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NICE to set quality standards

NICE is to set quality standards in four clinical areas for the NHS, following the recommendation of the Darzi report, High Quality Care For All

The UK's National Institute for Health and Clinical Excellence (NICE) is to set quality standards in four clinical areas for the NHS, following the recommendation of the Darzi report, High Quality Care For All (June 2008).

The report said NICE should set and approve more independent quality standards for the NHS and stated that standards should clarify what high quality meant in terms of clinical effectiveness, patient safety and the patient experience.

This work is key to making quality the organising principle of the NHS and supporting the drive to improve standards of care.

NICE quality standards are specific, concise statements, which mark high-quality, cost-effective care across a pathway or a clinical area. They are to be produced in collaboration with the NHS and social care, along with their partners and service users, for use by clinicians, patients, service providers and commissioners.

The statements in each quality standard will be measurable, to enable an assessment of quality and improvements to be made.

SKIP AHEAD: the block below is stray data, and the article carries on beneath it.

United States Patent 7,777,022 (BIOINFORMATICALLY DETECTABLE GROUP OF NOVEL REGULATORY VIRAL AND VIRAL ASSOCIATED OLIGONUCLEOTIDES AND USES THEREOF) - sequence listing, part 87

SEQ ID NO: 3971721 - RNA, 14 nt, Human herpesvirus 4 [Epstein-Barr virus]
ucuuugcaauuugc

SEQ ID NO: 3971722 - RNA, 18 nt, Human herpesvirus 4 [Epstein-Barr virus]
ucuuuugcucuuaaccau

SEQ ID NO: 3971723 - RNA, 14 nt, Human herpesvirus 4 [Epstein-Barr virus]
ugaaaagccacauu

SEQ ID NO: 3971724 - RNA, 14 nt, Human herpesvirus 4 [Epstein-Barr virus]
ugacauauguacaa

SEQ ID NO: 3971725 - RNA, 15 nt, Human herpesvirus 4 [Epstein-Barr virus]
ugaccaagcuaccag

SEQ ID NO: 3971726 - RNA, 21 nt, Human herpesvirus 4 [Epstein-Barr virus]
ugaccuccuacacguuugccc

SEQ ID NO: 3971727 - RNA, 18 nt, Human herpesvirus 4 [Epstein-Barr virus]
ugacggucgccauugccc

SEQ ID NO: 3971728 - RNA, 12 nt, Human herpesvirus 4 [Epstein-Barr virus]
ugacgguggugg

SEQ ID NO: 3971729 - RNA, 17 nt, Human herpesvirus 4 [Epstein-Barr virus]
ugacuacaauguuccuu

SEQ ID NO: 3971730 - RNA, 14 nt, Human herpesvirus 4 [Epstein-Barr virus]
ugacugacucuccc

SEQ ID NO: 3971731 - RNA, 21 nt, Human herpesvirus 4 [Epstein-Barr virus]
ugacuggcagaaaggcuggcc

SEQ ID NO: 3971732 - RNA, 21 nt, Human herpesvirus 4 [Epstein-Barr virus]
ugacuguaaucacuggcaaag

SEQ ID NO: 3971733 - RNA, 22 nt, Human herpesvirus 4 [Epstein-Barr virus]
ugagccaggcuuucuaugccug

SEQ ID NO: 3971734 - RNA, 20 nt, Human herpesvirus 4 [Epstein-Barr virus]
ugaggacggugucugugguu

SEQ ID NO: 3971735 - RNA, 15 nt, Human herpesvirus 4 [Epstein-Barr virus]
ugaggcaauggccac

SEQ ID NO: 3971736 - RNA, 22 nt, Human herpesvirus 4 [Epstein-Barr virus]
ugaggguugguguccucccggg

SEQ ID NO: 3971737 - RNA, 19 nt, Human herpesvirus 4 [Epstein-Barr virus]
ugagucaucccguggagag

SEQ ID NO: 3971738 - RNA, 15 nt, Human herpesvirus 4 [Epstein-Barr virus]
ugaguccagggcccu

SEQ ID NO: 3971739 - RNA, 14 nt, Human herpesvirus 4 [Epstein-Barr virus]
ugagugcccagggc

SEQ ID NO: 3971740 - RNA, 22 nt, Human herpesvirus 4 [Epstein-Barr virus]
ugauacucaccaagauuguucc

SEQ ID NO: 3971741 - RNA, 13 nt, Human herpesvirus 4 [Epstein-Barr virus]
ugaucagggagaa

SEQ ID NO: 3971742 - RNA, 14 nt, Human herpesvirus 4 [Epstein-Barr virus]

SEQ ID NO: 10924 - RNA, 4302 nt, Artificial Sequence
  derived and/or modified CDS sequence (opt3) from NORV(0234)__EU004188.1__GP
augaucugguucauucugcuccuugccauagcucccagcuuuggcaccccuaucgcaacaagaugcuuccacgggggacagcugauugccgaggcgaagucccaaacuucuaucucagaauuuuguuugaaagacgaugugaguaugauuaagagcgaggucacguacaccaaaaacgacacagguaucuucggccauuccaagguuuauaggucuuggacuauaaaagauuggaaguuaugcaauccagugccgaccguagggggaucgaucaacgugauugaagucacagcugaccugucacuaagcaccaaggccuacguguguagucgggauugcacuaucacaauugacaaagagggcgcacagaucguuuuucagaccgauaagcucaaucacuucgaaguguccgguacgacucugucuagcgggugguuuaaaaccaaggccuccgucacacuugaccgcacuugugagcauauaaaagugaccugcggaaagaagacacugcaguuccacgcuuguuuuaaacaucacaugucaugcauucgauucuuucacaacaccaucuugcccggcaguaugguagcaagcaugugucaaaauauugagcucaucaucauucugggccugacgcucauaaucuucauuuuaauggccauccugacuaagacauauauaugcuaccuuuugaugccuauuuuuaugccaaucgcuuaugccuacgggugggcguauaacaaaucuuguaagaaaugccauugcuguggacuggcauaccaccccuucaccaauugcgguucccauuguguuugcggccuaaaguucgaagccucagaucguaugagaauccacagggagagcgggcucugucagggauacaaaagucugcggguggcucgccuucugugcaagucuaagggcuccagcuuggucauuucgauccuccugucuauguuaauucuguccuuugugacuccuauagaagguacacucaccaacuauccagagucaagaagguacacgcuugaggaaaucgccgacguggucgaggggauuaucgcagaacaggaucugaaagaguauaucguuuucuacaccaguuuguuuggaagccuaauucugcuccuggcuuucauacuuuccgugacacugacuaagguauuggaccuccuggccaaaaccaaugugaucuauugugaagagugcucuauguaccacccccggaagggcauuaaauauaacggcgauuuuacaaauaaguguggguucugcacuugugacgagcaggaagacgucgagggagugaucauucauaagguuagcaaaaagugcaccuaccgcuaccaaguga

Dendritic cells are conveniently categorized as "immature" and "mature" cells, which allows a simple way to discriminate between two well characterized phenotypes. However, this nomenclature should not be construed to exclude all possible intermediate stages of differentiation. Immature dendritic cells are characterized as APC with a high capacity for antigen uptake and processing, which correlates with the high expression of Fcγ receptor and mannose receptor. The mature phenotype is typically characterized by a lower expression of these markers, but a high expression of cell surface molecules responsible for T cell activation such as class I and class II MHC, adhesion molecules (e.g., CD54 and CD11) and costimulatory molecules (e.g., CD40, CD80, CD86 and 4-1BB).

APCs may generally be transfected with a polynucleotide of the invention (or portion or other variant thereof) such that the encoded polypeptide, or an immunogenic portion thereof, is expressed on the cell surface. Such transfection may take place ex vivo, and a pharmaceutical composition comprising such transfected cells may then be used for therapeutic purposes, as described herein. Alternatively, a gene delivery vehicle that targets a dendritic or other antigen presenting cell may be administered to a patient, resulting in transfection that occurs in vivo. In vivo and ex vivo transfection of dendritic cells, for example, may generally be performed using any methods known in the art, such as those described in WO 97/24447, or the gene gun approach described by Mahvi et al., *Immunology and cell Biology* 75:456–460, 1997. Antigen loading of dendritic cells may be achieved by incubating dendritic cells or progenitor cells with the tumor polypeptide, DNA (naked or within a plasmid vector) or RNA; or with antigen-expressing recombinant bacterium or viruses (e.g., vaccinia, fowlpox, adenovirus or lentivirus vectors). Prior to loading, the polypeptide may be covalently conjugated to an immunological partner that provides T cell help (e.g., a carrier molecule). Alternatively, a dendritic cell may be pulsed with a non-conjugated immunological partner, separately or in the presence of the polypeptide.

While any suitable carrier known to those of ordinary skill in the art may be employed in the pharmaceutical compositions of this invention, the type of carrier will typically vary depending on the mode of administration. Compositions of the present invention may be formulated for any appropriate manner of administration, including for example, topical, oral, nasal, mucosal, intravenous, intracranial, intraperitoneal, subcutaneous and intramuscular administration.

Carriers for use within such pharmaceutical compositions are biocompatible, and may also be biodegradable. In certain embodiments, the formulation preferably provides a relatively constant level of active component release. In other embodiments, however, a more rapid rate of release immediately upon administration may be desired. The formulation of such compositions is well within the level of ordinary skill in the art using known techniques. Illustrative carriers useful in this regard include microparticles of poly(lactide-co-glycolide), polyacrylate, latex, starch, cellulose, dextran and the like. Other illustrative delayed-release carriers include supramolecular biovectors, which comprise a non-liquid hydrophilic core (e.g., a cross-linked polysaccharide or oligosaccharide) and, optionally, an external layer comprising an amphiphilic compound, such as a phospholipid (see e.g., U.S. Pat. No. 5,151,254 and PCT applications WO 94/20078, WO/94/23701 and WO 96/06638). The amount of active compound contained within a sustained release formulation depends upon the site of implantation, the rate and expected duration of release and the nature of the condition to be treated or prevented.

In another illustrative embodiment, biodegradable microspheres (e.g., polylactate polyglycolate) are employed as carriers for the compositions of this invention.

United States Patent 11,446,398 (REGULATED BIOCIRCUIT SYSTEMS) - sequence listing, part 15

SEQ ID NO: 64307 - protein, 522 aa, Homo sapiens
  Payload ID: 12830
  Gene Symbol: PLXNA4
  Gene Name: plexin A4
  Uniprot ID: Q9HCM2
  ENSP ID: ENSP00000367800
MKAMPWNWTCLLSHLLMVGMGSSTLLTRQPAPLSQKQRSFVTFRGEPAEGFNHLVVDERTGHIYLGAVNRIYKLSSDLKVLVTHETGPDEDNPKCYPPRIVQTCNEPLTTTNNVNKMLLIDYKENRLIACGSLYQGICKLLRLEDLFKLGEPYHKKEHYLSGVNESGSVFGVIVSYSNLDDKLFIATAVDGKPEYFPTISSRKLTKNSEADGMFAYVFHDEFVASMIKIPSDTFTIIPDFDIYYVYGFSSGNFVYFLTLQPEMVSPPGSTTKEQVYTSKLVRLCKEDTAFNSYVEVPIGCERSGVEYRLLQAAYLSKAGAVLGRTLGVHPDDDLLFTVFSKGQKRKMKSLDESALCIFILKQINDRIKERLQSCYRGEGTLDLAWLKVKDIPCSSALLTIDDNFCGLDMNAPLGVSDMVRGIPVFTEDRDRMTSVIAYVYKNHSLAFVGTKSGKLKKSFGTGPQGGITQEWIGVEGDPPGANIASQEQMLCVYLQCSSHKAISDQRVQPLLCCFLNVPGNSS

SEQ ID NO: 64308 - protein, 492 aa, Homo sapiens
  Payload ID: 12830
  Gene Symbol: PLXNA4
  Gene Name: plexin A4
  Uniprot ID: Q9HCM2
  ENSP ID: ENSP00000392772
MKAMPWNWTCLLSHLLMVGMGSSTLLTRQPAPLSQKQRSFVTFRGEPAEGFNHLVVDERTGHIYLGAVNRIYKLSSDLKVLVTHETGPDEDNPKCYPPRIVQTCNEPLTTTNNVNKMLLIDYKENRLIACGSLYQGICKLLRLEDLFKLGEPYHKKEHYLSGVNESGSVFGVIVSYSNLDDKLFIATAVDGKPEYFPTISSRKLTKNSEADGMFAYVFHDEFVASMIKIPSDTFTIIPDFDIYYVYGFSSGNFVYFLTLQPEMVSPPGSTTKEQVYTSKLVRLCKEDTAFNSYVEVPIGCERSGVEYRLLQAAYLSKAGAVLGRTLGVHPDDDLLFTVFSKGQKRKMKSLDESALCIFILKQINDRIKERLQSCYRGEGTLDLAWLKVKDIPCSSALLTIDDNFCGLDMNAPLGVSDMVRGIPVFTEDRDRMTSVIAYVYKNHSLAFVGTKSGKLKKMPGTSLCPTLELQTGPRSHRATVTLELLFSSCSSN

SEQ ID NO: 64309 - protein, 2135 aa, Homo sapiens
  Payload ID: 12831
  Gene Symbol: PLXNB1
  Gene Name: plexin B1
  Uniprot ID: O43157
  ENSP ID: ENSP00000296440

The National Quality Board has referred the clinical areas of stroke; dementia; neonatal care and venous thromboembolism (VTE) for NICE quality standards.

Topic Expert Groups (TEGs), comprising relevant experts and lay representatives, will formalise draft NICE quality standards and consider the cost to the NHS before a consultation phase and field testing the statements prior to final publication. 

NICE has established a pilot process to develop its first quality standards and plans to consult on its development later this summer. The first standards should be published in early 2010.

Bruce Keogh, NHS medical director, said: "The quality standards that are being developed by NICE will give patients and NHS and social care staff absolute clarity on what high quality care in these four areas looks like. They will set the course for the development of a library of quality standards."

29th July 2009

From: Healthcare

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